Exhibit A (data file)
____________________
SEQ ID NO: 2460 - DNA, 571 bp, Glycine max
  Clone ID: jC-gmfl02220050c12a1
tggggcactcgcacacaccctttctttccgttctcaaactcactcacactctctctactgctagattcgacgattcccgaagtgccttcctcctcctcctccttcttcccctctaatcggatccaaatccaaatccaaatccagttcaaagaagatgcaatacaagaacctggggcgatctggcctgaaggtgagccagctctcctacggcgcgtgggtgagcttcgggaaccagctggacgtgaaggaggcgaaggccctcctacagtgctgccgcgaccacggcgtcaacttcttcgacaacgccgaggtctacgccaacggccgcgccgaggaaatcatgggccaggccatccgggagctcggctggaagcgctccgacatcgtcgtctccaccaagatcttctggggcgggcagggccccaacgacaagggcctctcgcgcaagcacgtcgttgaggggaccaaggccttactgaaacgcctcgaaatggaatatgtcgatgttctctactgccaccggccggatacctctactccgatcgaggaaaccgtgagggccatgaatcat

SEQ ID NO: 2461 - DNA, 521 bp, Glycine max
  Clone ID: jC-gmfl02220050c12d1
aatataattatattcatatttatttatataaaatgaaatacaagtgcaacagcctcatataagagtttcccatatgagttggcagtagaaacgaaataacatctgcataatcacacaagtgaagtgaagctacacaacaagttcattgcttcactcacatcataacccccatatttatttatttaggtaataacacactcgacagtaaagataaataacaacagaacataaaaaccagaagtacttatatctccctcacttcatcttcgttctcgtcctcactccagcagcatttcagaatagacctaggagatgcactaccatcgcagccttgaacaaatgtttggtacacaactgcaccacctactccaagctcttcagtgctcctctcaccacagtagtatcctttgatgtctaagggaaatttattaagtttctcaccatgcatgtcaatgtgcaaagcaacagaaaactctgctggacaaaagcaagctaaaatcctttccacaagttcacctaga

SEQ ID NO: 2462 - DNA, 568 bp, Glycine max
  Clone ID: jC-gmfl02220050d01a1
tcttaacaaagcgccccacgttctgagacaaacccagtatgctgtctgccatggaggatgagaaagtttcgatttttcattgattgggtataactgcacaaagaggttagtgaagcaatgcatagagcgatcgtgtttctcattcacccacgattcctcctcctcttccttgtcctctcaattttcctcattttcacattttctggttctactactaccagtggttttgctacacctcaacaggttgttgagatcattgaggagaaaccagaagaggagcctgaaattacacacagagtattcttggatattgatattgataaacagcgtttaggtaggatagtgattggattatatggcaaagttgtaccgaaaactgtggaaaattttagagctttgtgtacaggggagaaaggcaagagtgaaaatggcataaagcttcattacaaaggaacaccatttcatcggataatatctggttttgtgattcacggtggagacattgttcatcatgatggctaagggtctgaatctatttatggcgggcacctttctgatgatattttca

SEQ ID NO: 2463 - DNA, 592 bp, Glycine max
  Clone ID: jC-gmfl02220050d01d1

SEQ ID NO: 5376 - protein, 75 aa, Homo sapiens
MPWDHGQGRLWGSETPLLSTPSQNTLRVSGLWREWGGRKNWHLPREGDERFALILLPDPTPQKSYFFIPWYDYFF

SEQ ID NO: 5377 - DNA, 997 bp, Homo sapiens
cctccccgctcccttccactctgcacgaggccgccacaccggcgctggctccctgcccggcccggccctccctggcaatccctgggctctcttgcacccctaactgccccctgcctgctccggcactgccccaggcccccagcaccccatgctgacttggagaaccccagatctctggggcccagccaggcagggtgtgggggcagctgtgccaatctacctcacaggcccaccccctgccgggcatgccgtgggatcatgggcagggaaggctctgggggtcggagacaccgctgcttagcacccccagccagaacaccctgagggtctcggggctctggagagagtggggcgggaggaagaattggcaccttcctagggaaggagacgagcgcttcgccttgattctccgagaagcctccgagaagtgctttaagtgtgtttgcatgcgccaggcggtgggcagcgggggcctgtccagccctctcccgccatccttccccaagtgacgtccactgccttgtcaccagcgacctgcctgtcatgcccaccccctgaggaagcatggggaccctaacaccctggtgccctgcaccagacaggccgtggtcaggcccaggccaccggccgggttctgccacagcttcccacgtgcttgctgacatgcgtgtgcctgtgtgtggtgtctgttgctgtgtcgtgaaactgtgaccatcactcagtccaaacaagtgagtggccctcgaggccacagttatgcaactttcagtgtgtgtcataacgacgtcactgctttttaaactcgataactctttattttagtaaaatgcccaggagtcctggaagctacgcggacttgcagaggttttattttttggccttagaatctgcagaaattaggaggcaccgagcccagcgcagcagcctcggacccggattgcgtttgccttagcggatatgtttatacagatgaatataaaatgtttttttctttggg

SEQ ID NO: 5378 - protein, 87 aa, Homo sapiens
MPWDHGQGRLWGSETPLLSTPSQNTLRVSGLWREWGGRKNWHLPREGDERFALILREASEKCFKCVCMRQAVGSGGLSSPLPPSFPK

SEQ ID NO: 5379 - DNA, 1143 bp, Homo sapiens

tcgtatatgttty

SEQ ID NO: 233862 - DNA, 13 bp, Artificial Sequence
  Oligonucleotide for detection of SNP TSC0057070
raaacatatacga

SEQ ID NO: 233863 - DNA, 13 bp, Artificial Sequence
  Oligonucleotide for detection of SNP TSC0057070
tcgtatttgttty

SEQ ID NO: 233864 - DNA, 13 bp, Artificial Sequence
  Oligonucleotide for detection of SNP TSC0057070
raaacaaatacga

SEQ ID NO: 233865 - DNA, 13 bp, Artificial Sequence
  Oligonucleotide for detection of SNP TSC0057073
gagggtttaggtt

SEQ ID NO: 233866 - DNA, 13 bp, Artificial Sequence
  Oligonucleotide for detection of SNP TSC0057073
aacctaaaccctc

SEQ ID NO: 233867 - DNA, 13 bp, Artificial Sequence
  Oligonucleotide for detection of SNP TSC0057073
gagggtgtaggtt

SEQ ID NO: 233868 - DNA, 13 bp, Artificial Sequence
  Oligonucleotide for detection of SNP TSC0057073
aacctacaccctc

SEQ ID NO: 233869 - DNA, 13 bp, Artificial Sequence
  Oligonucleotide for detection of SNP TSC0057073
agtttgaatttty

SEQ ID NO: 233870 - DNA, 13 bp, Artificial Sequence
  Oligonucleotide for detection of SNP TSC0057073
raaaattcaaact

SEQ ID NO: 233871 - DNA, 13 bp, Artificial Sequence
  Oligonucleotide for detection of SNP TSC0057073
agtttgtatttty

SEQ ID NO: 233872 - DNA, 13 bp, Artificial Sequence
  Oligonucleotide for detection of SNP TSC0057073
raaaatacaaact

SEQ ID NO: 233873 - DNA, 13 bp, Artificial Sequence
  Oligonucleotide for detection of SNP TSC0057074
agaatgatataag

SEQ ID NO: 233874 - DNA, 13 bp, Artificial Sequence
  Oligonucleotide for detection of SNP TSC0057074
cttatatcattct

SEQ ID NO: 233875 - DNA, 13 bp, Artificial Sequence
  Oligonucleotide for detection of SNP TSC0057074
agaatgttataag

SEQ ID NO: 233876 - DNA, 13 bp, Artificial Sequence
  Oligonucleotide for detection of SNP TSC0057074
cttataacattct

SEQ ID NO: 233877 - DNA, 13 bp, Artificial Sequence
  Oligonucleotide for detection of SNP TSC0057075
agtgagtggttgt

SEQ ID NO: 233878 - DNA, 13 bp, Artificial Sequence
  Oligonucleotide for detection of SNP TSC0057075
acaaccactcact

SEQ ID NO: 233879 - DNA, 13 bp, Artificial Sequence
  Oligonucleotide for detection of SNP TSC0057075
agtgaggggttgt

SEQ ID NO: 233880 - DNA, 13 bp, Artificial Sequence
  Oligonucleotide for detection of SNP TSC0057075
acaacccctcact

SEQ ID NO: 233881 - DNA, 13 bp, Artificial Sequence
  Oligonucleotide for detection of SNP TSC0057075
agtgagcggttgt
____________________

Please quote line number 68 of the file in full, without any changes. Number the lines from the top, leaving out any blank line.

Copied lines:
SEQ ID NO: 233878 - DNA, 13 bp, Artificial Sequence